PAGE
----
One of Kunce’s major pieces of his platform is a “Marshall Plan for the Midwest,” and he’s able to share it effectively online through his personal story and smart messaging.
kunce calls for nation building at home – 13,656 engagements
For 20 years, politicians, elites and military leaders lied to us about Afghanistan. I know because I was there.
— Lucas Kunce (@LucasKunceMO) August 23, 2021
Kunce continues this theme throughout his messaging and does so to great effect. His campaign has a clear hypothesis: Midwesterners, and particularly Missourians, have felt left behind by a government that is more worried about building overseas than here at home.
This type of sentiment has led to the rise of populist Republicans such as the orange menace himself. But Kunce, and many others like him, clearly believe it can be flipped into a message for Democrats looking to reconnect with middle-class voters who feel burned and abandoned by the Republican party.
Contrasting himself with another sleazy opponent, eric greitens – 10,312 engagements
While McClosky might be the most cartoonish candidate vying for the Republican nomination, his claim to the nomination is far from a lock. Eric Greitens, who’s most likely to be Kunce’s Republican opponent (despite his party’s best attempts to stop him), resigned as Missouri’s Governor in disgrace, after a disturbing history of intimidation, sexual assault and invasion of privacy came to light.
Missouri voters have yet to forget about his awful past, and the Kunce campaign wants to make sure it stays that way.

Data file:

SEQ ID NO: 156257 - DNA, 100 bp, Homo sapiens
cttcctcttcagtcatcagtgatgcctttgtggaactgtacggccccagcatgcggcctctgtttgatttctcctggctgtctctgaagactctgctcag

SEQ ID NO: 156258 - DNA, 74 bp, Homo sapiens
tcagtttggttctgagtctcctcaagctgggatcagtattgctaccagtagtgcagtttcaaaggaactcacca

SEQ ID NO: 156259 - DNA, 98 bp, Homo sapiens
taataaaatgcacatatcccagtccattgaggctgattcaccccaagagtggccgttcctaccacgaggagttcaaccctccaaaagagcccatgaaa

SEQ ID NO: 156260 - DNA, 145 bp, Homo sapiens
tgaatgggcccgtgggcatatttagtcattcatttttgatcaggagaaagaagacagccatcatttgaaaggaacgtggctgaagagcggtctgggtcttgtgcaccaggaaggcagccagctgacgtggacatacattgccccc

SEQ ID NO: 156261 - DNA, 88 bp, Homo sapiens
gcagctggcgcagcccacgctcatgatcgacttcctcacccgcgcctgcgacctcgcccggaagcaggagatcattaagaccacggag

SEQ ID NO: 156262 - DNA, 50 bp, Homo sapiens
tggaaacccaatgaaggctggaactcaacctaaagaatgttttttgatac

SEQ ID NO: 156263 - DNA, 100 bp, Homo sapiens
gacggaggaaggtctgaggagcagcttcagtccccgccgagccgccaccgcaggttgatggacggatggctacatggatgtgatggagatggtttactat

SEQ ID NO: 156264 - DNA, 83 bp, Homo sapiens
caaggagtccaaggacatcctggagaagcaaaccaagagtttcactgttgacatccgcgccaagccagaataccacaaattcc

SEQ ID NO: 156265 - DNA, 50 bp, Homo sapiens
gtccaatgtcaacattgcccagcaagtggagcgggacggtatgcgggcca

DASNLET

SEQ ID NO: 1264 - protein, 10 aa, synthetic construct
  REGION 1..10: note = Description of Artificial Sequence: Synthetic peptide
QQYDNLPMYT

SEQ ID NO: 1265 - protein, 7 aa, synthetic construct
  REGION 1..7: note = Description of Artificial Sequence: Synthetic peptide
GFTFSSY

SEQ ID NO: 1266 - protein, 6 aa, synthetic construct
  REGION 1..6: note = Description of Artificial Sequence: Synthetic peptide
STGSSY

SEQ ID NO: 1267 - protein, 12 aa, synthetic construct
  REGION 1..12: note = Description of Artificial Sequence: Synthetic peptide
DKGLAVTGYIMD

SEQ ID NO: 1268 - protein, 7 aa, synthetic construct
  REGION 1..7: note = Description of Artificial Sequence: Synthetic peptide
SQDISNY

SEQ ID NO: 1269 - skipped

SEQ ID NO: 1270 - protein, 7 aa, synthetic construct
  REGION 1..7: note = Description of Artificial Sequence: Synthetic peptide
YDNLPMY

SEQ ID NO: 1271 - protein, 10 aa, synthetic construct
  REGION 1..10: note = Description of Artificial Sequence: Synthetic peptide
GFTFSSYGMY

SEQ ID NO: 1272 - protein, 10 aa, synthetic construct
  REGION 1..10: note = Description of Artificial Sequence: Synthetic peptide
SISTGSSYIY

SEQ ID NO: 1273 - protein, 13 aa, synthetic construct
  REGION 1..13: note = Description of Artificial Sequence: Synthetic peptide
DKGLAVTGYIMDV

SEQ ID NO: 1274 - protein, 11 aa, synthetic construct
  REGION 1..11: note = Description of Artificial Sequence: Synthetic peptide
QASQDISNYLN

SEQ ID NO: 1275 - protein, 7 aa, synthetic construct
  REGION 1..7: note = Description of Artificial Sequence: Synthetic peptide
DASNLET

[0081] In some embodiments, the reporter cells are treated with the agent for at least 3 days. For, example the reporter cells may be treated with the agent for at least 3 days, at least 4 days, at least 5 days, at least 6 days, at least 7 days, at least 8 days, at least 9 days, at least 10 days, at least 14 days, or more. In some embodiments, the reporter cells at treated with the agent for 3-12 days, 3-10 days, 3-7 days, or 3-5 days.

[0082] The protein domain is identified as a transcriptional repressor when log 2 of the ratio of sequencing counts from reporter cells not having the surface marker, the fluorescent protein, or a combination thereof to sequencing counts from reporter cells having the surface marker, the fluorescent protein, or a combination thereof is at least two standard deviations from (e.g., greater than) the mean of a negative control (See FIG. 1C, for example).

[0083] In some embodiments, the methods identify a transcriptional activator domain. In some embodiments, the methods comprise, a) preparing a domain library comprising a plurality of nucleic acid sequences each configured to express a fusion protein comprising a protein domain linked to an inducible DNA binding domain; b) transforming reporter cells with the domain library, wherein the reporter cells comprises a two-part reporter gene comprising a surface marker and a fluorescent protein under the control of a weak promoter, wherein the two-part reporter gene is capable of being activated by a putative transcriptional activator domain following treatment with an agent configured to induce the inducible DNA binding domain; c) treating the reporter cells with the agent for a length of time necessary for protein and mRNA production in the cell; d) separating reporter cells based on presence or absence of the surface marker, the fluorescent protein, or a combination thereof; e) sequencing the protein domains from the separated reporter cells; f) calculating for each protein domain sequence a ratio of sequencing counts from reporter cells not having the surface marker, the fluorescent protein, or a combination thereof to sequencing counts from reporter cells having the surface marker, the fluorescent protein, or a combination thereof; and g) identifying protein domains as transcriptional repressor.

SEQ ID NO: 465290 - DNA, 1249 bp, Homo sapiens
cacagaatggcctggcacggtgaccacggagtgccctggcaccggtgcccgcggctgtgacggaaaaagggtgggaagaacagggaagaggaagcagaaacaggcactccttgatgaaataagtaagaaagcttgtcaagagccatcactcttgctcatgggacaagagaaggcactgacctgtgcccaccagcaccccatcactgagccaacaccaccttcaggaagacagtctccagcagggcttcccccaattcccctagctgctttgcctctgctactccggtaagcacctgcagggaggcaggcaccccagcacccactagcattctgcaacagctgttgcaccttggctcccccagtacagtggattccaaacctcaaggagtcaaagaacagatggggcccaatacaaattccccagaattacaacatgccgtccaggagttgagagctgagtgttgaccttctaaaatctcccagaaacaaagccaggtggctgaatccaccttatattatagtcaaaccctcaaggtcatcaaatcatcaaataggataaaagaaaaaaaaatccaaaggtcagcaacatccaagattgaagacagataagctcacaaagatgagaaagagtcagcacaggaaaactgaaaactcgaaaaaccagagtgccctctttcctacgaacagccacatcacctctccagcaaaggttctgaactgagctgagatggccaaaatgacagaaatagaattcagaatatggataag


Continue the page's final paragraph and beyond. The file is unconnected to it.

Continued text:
Easy to understand antitrust messaging – 10,054 engagements
The price of insulin has surged in recent years, placing a life-and-death medication out of reach of far too many Americans. For Kunce, an antitrust advocate, this issue to ripe for the campaign trail. And he does a phenomenal job of taking what could be a very complex issue and making it simple and easy to understand.
Companies are working together to exploit the necessary health needs of Americans, which is something that Kunce won’t stand for. Along with over 10,000 people who engaged with this tweet.
advocating for investments in the us, not abroad – 8,023 engagements
As you’ve noticed, consistency is key when it comes to building authentic relationships with your followers. Kunce maintains — and leans into — the same set of stances on issues such as antitrust legislation and building up the middle class.
His social media presence shows that although political tides may change, Kunce and his values doesn’t. He’s still the same person – the Marine vet from Jeff City who’s going to fight for the working people of Missouri, not the millionaires and the billionaires.
Throughout Kunce’s tweets, we can see a clear image of Kunce as a candidate. He’s authentic and relatable to voters in Missouri — as well as donors and social media followers across the country — and while his message is definitely carefully crafted, it never comes off that way.
And here’s the thing: any candidate regardless of budget or experience can do this too. Speak how you actually speak, say what you’d actually say, fight for positions you actually care about… and above all else, tell your story.
If you need help doing it — hit us up! This is what we do here at Reverbal Communications. Together, we’ll help you and your campaign or organization find ways to share your story with your audience in ways that engage and inspire. Maybe we can even help you capture the same lightning-in-a-bottle energy that Kunce managed to pull off to turn himself into an overnight political star.